Kristaps Porzingis, the enigmatic 22-year-old Latvian big man, tore his anterior cruciate ligament (ACL) in a game against the Milwaukee Bucks. Now, the direction of the franchise is truly up in the air.

The focus of the season, and possibly the focus of the franchise, has shifted monumentally. For the next 27 games, head coach Jeff Hornacek will have to task himself with ensuring Frank Ntilikina gets his fair share of minutes, Tim Hardaway Jr. breaks out of his shooting slump, and that the Knicks play for their draft pick.

For Porzingis, the road to recovery is a long one. ACL injuries have taken Iman Shumpert from Knicks fans when he was once a promising shooting guard, and on the other side of recovery, given the Knicks a defunct version of Derrick Rose for a season. ESPN’s Kevin Pelton wrote a piece about players aged between 21 and 23 when they tore their ACL—only Jamal Crawford, Corey Brewer, and Adam Morrison performed better than expected. Despite the setback, age could still be on KP’s side. Now fully recovered, Zach LaVine, a building block for the Chicago Bulls tore his ACL last year with Minnesota, has recovered well and is proving to be a valuable asset alongside Lauri Markkanen—a story Knicks fans should keep in mind moving forward.

Despite Porzingis’ accomplishments in his first season sans Carmelo Anthony on the Knicks, ankle and elbow injuries lingered, which created a downfall in production each month. Since starting the season in elite form, Porzingis’ scoring averages dropped from 30.2 points per game to 24.2 then 22.2, 20.3, and lastly 16.3 in the four-plus months of 2017–18. The nagging ankle and elbow injuries played a part alongside Hardaway Jr.’s absence, which led to added defensive attention on Porzingis. All of this being said, Porzingis broke out into that elite form that warranted a All-Star selection, his first honor and a proud accomplishment.

Porzingis, in his third season, was voted into the All-Star pool and picked by Team LeBron while also prepping himself to retain his Skills Challenge title during All-Star Weekend.

On January 29, speaking to the press, Porzingis mentioned his playoff aspirations, making it clear he wanted the Knicks to go after veterans for a playoff push. “Playoff experience for myself, individually, would be huge at this point in my career—the sooner, the better,” the big man said. However, with KP sidelined for considerable time, the Knicks must approach Thursday’s trade deadline far differently.

From here on, with Porzingis with an arduous rehab schedule and the Knicks having dealt Willy Hernangómez for two second-round picks, it seems obvious that New York will be sellers come Thursday’s deadline with Courtney Lee, Kyle O’Quinn, and if possible, Joakim Noah being the focus of general manager Scott Perry’s efforts. With a losing effort clearly the motive, the goal of the Knicks this trade deadline will be aiming to garner picks or raw, young talent. As indicated in the Willy trade, the Knicks goal was to stockpile picks and now, despite Hernangómez showing potential, the Knicks have two second round picks (2020 and 2021) that belong to a lackluster Charlotte Hornets team.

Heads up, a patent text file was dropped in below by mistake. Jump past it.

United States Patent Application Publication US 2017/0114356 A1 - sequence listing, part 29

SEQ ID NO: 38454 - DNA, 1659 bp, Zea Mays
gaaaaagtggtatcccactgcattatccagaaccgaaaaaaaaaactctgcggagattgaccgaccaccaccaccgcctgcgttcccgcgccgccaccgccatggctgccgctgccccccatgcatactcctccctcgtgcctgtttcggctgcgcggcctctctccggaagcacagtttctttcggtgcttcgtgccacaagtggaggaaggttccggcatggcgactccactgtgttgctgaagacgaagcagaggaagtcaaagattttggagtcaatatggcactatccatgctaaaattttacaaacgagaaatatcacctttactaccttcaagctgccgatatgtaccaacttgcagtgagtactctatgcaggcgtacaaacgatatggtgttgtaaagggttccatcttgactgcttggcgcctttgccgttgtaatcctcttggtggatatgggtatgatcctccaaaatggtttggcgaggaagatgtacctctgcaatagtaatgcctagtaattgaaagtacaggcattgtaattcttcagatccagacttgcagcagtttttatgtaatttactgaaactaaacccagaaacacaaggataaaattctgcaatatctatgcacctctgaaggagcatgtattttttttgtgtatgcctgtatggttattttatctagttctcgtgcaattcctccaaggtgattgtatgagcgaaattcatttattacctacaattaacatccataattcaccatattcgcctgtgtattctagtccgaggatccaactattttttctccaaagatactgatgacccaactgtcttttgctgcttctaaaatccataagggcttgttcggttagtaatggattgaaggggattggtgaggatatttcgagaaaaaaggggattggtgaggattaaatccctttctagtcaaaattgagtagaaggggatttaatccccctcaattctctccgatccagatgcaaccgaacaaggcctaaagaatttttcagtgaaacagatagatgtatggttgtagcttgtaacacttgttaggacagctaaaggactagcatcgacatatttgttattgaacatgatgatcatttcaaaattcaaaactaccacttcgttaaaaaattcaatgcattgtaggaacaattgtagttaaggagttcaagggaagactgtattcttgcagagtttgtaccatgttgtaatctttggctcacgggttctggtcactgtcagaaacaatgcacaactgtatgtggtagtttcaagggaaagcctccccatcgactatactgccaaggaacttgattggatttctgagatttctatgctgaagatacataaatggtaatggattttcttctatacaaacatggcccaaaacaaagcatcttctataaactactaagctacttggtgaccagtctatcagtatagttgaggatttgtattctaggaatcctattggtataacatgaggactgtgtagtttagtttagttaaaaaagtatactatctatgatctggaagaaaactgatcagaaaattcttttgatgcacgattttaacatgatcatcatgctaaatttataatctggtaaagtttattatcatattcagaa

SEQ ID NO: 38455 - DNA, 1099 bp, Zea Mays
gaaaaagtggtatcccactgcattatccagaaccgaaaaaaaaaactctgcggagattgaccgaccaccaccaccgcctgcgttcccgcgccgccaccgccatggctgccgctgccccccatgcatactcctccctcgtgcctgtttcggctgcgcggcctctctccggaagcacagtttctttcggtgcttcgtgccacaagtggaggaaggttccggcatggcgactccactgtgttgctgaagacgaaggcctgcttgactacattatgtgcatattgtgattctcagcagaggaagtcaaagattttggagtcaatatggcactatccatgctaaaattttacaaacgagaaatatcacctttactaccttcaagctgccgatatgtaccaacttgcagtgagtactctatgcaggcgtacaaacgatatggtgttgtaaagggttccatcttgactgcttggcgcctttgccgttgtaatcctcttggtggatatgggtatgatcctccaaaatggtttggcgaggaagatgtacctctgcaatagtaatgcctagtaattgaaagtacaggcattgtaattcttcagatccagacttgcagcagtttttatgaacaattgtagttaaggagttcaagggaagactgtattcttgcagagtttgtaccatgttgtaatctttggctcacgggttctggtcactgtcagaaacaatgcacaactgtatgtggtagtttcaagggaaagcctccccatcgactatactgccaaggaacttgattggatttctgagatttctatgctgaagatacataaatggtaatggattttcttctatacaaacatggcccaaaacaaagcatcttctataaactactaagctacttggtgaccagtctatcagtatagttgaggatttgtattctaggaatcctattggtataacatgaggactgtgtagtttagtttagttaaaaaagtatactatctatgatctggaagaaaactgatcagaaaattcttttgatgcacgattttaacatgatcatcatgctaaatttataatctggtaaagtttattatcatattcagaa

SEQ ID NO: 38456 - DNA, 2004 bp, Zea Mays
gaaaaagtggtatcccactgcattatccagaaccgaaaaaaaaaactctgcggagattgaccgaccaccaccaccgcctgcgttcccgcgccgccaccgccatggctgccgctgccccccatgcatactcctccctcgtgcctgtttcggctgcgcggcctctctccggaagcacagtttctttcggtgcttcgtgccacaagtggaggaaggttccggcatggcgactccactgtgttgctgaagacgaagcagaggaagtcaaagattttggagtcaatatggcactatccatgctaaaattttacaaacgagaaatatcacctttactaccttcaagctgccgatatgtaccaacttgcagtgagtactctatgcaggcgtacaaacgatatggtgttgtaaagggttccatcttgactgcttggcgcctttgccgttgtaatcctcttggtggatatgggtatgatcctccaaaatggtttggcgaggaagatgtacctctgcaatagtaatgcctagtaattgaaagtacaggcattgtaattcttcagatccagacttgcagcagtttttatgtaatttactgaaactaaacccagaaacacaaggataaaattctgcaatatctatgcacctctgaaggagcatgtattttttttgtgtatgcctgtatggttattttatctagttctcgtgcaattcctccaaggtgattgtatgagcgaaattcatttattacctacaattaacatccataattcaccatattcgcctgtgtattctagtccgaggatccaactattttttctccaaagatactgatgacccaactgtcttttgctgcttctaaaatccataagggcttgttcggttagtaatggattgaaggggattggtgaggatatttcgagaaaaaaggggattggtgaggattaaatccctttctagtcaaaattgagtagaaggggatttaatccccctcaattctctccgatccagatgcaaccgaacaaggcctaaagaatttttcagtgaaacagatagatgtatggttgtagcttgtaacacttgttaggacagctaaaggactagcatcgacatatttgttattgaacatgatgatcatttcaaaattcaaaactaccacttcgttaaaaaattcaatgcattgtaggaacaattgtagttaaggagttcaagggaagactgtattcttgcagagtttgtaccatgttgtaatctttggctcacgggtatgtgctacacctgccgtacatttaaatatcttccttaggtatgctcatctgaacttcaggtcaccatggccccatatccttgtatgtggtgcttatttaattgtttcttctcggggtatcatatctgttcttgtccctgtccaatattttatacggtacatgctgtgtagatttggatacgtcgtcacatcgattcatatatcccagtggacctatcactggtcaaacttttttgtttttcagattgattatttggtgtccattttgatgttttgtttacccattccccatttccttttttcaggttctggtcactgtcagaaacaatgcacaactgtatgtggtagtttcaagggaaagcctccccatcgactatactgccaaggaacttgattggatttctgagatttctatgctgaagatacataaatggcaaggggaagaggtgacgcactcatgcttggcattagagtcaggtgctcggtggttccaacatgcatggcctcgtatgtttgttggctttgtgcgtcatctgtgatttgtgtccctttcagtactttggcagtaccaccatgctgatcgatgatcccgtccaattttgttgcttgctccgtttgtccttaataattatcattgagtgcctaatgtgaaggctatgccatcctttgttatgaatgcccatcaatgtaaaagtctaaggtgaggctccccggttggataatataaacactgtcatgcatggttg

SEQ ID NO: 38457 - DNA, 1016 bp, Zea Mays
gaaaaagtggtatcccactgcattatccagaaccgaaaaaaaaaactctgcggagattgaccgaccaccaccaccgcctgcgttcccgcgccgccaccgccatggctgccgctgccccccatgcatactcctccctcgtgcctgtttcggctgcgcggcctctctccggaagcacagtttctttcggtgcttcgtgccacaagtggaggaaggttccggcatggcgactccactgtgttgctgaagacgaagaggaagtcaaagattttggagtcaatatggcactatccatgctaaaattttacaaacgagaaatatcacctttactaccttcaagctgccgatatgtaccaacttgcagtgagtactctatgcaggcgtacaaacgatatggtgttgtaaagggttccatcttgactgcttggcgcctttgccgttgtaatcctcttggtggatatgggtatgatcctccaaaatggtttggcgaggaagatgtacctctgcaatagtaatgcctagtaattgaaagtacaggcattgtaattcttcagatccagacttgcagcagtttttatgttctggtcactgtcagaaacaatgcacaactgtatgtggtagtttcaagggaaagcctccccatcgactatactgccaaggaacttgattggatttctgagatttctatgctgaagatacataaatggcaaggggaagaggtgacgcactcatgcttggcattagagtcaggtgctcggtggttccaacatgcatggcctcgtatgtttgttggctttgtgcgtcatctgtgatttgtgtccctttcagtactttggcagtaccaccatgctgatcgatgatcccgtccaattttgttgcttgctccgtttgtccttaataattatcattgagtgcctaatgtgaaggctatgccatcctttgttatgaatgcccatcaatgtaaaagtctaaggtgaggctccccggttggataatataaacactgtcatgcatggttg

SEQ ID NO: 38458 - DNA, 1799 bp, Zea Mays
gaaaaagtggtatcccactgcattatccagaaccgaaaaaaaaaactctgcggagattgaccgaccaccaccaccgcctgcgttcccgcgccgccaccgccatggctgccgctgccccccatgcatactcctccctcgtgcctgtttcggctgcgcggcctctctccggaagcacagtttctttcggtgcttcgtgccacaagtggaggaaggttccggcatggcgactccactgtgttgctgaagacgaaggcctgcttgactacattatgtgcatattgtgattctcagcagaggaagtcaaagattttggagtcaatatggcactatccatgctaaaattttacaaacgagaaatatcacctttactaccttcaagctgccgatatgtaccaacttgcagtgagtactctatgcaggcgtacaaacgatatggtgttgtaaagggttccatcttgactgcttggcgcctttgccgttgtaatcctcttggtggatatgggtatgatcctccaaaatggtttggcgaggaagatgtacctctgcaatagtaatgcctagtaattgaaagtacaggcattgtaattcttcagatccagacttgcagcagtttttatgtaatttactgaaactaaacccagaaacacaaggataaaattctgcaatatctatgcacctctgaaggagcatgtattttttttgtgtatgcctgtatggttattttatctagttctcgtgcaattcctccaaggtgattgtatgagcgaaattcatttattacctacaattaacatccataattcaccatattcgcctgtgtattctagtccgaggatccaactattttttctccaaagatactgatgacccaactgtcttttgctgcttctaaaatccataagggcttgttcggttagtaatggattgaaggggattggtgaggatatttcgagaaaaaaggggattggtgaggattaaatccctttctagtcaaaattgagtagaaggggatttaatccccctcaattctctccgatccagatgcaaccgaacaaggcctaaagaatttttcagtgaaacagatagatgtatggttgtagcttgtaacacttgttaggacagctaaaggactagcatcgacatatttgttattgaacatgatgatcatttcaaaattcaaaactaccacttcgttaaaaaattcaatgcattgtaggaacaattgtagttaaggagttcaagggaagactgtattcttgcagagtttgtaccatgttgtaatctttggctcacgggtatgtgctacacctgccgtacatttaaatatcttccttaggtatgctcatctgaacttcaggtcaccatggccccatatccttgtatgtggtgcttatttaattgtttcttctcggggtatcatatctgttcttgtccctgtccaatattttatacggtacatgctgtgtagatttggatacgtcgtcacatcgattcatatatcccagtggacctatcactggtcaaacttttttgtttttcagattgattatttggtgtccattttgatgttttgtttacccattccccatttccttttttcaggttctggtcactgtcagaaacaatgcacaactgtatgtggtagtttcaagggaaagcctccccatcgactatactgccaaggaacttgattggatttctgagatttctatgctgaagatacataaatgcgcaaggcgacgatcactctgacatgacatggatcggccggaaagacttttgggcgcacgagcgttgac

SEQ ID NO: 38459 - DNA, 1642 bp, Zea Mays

Looking further at the draft, a fair projection for this Knicks team would be a pick in the 5–8 range, which could mean possible talents like Trae Young, Luka Doncic, or Mohamed Bamba, to name a few. All three have proven to be elite college or overseas talents, so the blessing in disguise comes in the form of the Knicks slipping down the draft boards, acquiring a better pick, and adding cheaper talent to surround Porzingis when he returns to action. The offseason, though, is where things get tricky. The Knicks do not have enough to offer a max-contract, but do have enough to acquire a high level starter—the issue is how much trust the front office has in Porzingis to come back to the court as healthy as possible. With Jusuf Nurkic, Aaron Gordon, and Clint Capela all available, the Knicks could bolster the frontcourt, but the team won’t have assurance that Porzingis comes back at full strength.

The biggest question mark that arises out of this injury is as to what New York will opt to do regarding Porzingis’ rookie extension. A rookie extension gives the opportunity to a team to offer a player a contract the summer prior to their four-year deal expires. In Porzingis’ case, that will be this upcoming summer. Last offseason, Joel Embiid and Andrew Wiggins both signed new five-year deals worth $146.5 million. Regarding Porzingis, he would have been in line to receive this without a second of hesitation, but with the injury being as serious as it is, the Knicks might opt for him to go into restricted free agency.

Porzingis tearing his ACL is the nightmare no Knicks fan could have even thought of, and now, without the reassurance that the superstar New York oh-so-desperately craved will be back to his full strength, the Knicks have more questions than they can supply answers for. A definitive selling stance for yet another season at the trade deadline, a lottery bound draft pick and a summer of uncertainty await Perry and team president Steve Mills.